Stacy Theobald (@stacytheobald) published a blog post · May 7th, 2012
Saving Lives by Recruiting Marrow Donors
Her experience inspires Christenson to speak out for patients whose hope for a cure resembles a high-stakes lottery. In December 2011, she appeared on CBS’s “The Early Show” to promote the need for bone marrow donors. Being on the show fulfilled her altruistic request to Make-A-Wish Foundation.
“You feel so helpless because a bone marrow transplant is the only way to fight your disease,” she says. “It’s really scary when you don’t know if you’ll have a match.”
In March 2009, Christenson, then 15 and a high school freshman, had gone to the hospital with bruises, pale skin, fatigue and shortness of breath. A lab test found that only half the normal amount of blood was circulating in her body. She never went back to high school.
“I was too sick and had too little energy and was immune-compromised,” she recalls. “I couldn’t hang with friends. I couldn’t go out in public.”
Over the next six months, frequent hospital stays for blood infusions and treatment of blood clots and various infections finally led to a diagnosis: myelodysplastic syndrome (MDS), which caused her blood cells to die prematurely.
The only known cure was a bone marrow transplant. Roberta Adams, M.D., Mayo Clinic medical oncologist and director of the combined Mayo Clinic/Phoenix Children’s Hospital bone marrow transplant program, began the search for a donor by testing Christenson’s family members. Christenson was one of the fortunate few with two matches — her older brothers, Allan and Ryan.
In December 2009, Dr. Adams transplanted healthy stem cells from Ryan’s bone marrow into his sister, where they started producing blood cells.
“I’m cured. I’m MDS-free,” Christenson says. But recovery has been a slow, unsteady process. She developed a complication when the transplanted cells and her own cells waged a battle of immune responses. In May 2011, she started an 18-month outpatient treatment at Mayo Clinic, where withdrawing her blood and exposing it to ultraviolet light quiets the cellular unrest.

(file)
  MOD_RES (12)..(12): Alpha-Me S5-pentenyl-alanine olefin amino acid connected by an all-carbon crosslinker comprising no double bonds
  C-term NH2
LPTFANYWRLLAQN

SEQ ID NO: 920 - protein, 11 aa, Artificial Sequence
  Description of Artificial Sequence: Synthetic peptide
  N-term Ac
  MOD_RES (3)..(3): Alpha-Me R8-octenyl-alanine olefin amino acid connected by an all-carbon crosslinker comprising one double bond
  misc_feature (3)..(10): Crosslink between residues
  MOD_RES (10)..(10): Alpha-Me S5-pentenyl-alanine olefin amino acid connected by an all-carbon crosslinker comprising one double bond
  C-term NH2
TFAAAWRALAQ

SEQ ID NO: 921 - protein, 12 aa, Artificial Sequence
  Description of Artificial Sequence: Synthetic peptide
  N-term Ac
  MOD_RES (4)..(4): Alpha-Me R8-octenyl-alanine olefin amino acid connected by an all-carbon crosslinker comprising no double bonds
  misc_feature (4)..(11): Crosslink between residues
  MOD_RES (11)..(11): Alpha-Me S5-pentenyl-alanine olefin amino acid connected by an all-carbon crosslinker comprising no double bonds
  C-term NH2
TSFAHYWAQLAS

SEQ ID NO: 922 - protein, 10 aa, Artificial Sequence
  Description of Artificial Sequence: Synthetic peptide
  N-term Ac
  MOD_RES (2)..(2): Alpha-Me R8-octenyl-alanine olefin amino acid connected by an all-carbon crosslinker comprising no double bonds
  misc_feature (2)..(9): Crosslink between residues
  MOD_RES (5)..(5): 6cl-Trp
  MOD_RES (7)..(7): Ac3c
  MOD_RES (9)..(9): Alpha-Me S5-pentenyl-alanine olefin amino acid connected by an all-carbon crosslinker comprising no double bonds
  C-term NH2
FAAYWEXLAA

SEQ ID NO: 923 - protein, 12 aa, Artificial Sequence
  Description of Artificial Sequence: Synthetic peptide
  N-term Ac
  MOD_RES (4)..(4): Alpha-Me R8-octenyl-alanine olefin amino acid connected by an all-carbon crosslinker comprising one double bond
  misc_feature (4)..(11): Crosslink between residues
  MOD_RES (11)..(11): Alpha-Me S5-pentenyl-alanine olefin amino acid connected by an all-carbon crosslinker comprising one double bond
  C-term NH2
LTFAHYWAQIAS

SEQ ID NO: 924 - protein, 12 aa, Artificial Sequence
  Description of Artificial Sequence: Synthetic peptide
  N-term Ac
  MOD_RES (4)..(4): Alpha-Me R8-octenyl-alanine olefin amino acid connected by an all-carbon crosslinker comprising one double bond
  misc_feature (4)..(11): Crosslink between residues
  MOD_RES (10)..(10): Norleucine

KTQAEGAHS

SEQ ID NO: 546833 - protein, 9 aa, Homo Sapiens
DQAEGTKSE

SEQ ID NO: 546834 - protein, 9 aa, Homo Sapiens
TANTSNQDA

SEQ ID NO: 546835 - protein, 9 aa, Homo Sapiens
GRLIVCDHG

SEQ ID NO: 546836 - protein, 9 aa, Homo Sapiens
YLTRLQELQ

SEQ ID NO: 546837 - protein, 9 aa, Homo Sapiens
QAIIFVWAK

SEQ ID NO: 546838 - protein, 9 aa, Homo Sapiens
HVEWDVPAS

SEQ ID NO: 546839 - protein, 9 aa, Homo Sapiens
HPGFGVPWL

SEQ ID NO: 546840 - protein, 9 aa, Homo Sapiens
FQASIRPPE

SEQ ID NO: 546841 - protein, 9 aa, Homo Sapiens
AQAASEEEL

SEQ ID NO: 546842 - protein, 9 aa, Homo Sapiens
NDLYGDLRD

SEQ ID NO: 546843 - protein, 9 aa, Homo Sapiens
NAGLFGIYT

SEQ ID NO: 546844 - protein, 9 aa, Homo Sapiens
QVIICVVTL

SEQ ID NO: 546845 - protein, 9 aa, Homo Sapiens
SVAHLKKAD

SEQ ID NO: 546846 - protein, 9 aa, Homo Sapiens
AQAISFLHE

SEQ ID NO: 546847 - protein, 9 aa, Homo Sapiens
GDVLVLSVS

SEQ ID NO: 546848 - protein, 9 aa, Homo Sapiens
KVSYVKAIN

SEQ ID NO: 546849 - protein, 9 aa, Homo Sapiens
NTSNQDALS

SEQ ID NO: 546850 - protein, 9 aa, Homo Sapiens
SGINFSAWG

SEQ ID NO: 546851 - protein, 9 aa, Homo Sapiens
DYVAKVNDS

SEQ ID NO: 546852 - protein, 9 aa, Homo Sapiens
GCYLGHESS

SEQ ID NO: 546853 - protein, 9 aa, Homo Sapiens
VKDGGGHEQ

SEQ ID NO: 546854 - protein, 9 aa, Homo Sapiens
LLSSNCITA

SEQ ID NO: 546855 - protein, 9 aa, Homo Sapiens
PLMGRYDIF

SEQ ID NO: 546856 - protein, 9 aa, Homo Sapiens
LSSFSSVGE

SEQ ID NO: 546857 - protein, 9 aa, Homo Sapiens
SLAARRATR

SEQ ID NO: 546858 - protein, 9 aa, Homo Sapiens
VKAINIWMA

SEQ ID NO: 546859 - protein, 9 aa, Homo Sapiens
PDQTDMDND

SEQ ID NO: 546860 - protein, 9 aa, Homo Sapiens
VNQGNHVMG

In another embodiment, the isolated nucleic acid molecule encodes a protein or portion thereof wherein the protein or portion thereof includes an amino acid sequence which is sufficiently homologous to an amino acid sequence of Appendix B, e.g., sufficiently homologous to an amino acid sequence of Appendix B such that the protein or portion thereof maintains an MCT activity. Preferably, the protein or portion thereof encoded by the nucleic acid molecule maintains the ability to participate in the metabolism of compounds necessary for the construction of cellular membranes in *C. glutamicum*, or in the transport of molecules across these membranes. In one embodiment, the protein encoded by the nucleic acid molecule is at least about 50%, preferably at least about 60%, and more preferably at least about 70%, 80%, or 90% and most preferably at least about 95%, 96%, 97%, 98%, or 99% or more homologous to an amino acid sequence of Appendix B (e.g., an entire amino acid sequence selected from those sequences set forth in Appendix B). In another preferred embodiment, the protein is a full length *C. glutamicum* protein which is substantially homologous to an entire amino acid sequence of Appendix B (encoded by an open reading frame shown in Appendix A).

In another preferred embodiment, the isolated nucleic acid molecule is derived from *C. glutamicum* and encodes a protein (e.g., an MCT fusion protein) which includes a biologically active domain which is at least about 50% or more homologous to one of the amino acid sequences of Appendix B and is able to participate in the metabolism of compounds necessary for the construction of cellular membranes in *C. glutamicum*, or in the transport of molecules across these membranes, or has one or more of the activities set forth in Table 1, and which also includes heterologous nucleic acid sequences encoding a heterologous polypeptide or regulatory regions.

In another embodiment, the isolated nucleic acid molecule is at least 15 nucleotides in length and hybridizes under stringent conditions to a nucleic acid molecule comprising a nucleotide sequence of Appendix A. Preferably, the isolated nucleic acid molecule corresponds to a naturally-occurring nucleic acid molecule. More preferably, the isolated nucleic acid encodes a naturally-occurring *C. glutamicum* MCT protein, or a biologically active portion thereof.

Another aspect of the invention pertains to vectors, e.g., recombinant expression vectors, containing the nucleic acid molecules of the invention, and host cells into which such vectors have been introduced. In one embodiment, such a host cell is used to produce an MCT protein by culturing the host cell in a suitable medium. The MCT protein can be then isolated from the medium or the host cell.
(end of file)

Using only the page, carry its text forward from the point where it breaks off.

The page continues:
“It has worked so well. I am thrilled,” says Christenson, now able to socialize again. She recently enrolled at a community college and plans to major in journalism at Arizona State University.
“MDS turns your life upside down,” Christenson says. “I’m so excited to be moving on.”
Through her medical crisis, Christenson learned about the need for donors. According to NMDP (marrow.org), more than 10,000 U.S. patients a year are diagnosed with life-threatening diseases for which a marrow or umbilical cord blood transplant from an unrelated donor may be their best or only hope of a cure.
About 70 percent of patients who need a transplant depend on the NMDP’s “Be The Match” registry for a donor. Minorities are vastly underrepresented in the registry. “In 2010, less than four out of 10 patients of all ethnic groups received the unrelated transplant they needed,” says Dr. Adams. “To improve the odds, the more people who join the registry, especially people of color, the greater the chances of finding a match.”
Motivated by her own second chance at life, Christenson has been recruiting for NMDP’s Registry since before her transplant. She created a website (www.cecisclimb.com) to tell her story and encourage others to join the registry.
“Fighting cancer is hard. Finding a match shouldn’t be,” Christenson says.
The article comes from our Sharing Mayo Clinic print publication.